Post # 7
I’m a pretty risk-averse person, so I always go with a low-deductible type plan. I’m healthy and don’t usually use much, but it just takes one broken ankle or ruptured appendix, and there you go. Especially now with a baby on the way, I just wouldn’t want one more thing to worry about. Luckily though, my employer covers a huge portion of my insurance, so it’s not actually a huge cost difference for me. But still, it all depends on how much health care you’re planning on using, and then how much of a cushion you have for disasters.
Post # 8
@MrsWBS: Yes the out-of-pocket max for a family is about the same for both ($6K with the PPO and $5700 with the HSA plan, assuming within network for both).
Post # 9
Thanks ladies for your input! Health insurance is so confusing!
@Sassygrn: I like that the HSA carries over from one place to another. All the plans I’m being offered seem pretty comparable when looking at the total cost but I definitely took a look at the percentages like you suggested–thanks!
@MrsWBS: Thanks for the helpful info! After looking at this some more, I think you’re right that either way it ends up being pretty much the same in terms of total costs and really just depends on how much you’d like to have to worry about monthly. The two I was really looking at was just a plain traditional plan (not premium) and a high deductible plan coupled with HSA. It’s always been so easy to pick when it’s just me (and I never need to go to the doc except for preventive stuff)…but now with baby on the way I was completely clueless–so thanks for the insight!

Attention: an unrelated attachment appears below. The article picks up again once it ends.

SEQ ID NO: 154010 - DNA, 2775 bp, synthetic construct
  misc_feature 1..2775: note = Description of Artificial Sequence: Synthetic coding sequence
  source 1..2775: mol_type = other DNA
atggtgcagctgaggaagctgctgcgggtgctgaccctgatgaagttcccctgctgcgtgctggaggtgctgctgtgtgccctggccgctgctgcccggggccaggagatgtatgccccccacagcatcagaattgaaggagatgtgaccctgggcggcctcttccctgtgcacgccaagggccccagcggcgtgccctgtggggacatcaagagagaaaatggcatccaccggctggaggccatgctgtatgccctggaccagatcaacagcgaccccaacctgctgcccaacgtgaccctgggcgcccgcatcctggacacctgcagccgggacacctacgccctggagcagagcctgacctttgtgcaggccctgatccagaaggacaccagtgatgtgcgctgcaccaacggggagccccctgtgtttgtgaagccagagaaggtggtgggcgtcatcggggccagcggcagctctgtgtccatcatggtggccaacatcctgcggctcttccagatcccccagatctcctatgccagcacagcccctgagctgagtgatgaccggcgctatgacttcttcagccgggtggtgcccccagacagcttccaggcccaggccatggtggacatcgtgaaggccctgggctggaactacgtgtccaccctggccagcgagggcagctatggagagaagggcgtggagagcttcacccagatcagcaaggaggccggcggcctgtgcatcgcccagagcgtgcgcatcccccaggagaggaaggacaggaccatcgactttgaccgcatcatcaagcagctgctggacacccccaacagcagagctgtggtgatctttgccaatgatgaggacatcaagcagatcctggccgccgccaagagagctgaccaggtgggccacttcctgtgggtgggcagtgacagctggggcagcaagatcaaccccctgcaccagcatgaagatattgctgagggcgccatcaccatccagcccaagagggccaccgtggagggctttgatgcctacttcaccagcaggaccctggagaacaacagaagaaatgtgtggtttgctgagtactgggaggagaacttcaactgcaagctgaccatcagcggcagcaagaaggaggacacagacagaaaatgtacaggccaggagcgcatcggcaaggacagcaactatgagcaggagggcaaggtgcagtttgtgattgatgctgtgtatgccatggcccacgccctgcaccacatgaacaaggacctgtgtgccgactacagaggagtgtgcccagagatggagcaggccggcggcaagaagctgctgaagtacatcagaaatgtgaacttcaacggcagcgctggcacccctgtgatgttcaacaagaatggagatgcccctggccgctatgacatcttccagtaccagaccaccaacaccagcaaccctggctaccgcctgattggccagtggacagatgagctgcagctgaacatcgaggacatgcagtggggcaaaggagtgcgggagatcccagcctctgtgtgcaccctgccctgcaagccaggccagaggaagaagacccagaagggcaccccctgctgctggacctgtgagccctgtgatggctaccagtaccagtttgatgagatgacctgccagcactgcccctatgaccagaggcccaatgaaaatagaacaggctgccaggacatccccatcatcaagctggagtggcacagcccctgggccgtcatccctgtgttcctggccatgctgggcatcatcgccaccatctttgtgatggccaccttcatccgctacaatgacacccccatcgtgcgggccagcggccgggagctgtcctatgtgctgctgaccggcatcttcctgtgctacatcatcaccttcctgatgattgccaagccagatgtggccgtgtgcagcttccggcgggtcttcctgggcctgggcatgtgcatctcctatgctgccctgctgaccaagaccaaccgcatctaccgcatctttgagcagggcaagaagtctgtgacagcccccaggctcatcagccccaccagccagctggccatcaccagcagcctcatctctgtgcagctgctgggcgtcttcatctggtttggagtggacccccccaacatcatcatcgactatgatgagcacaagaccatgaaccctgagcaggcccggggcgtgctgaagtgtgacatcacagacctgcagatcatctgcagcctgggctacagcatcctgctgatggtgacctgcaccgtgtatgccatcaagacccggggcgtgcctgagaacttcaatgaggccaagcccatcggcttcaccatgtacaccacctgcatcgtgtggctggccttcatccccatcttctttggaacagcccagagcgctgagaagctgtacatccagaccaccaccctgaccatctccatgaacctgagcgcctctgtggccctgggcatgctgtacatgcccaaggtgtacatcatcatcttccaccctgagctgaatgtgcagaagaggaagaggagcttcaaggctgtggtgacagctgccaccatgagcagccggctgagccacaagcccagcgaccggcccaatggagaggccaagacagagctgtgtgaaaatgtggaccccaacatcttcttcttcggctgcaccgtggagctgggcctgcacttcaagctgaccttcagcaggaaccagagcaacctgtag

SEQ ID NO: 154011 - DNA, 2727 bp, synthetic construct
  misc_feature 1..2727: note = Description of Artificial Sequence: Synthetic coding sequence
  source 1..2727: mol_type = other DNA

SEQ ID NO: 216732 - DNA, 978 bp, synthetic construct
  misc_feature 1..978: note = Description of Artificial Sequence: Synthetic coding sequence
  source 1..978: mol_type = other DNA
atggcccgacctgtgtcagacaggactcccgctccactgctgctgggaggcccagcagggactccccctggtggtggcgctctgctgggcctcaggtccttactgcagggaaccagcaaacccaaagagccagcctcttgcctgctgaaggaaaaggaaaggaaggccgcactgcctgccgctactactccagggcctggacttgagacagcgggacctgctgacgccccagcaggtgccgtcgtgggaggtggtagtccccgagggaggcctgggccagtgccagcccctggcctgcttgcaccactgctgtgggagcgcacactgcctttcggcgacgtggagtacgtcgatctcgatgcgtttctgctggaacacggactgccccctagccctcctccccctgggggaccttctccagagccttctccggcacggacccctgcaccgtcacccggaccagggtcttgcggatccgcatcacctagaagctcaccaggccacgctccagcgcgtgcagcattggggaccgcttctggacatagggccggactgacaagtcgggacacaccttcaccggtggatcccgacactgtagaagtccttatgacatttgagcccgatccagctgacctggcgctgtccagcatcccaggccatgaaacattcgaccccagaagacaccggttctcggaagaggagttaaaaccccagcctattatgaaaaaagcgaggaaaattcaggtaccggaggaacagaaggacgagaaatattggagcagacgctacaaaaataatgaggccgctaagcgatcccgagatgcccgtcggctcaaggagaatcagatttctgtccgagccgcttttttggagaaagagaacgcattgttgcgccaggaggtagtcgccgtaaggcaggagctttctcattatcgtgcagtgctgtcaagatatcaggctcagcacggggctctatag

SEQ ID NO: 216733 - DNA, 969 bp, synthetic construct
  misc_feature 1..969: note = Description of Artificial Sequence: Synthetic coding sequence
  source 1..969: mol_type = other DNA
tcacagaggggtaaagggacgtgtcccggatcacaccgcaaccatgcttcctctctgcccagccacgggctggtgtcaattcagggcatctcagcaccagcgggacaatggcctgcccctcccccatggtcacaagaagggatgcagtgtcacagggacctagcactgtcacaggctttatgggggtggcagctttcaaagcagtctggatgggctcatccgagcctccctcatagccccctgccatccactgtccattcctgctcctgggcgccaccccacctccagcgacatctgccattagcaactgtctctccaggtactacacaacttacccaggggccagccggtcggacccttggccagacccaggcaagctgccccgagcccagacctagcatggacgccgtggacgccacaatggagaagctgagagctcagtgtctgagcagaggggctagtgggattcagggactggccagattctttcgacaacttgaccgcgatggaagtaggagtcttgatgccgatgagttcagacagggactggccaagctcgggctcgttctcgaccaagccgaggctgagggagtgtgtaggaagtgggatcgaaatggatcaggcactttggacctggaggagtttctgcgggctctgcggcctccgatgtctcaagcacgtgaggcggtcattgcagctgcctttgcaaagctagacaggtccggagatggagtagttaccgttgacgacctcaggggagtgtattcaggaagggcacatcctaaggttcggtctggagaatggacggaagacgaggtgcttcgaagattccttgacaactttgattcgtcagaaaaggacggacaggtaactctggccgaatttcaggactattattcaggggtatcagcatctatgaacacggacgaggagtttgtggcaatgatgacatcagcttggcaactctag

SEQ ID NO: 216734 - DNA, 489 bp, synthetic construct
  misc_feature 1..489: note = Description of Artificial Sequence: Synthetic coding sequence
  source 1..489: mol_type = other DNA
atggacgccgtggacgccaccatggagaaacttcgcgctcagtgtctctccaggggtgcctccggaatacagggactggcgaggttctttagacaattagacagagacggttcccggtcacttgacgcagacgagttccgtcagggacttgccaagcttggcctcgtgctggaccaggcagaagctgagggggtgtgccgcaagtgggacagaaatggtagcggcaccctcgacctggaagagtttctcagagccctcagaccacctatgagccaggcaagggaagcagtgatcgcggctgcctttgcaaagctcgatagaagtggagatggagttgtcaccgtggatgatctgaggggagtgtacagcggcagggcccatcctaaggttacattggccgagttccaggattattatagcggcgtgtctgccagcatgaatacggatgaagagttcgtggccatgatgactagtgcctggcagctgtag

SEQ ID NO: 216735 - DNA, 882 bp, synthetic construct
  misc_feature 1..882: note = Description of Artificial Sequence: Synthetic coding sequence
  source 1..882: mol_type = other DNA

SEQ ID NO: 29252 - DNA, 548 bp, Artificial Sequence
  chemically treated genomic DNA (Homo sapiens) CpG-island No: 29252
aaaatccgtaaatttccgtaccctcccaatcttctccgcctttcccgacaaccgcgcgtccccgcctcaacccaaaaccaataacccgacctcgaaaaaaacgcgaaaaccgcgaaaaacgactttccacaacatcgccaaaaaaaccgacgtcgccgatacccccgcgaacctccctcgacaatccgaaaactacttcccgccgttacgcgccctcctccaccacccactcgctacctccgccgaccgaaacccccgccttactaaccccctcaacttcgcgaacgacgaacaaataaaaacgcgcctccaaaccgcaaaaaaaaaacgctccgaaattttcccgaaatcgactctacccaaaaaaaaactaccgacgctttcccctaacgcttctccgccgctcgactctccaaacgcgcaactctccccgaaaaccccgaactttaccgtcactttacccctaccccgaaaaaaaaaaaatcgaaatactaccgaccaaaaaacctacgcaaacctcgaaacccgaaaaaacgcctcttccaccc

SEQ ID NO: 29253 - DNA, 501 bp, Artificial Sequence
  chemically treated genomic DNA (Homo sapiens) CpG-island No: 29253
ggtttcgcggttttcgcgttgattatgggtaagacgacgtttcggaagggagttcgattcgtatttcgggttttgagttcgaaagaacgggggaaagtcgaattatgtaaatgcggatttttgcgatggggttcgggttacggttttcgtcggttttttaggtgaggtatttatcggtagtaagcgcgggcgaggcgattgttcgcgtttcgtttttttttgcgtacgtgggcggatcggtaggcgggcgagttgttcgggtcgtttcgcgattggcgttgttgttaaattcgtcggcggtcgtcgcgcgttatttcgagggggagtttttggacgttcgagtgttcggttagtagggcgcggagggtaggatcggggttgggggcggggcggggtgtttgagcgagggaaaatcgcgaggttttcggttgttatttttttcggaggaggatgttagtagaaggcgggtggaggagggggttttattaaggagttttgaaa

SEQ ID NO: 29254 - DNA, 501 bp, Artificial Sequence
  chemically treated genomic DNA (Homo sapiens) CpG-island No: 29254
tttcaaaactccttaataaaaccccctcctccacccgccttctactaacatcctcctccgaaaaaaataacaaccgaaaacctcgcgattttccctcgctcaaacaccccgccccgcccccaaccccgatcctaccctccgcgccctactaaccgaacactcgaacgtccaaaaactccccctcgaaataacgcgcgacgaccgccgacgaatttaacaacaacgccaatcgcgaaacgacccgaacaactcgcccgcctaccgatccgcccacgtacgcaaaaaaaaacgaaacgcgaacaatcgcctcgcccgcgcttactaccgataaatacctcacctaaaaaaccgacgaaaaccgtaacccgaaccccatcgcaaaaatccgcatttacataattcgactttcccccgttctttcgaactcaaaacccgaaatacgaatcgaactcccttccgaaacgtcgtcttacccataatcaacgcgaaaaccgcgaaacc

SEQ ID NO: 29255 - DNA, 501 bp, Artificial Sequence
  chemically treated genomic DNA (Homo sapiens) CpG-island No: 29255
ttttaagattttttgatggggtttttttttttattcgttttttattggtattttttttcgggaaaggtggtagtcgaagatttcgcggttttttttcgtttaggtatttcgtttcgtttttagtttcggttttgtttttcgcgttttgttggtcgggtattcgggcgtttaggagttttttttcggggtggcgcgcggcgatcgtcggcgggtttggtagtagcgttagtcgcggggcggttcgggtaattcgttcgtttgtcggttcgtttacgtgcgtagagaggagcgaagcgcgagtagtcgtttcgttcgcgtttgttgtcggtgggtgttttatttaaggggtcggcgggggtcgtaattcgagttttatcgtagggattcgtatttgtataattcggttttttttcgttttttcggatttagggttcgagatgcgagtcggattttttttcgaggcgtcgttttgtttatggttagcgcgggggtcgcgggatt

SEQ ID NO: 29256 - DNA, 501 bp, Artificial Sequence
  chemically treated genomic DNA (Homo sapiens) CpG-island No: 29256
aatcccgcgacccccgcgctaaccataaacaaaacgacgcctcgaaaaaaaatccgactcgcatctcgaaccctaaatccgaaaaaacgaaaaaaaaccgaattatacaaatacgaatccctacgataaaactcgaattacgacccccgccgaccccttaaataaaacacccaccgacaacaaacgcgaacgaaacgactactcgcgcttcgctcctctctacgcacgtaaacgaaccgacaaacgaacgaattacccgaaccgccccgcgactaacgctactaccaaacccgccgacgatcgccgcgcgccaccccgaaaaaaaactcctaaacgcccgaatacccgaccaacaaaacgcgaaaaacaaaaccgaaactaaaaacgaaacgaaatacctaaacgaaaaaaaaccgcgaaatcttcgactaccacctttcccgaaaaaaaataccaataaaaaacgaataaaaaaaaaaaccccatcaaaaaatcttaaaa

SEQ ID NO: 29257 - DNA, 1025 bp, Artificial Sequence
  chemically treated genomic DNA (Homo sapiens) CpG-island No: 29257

@HelpfulMarriedGirl: I’m not convinced an HSA is right for me and my family right now either. So I figured I’d go the traditional route like I usually do…and live and learn. Next open enrollment period, I’ll just change it if I find that I made the wrong choice this year 🙂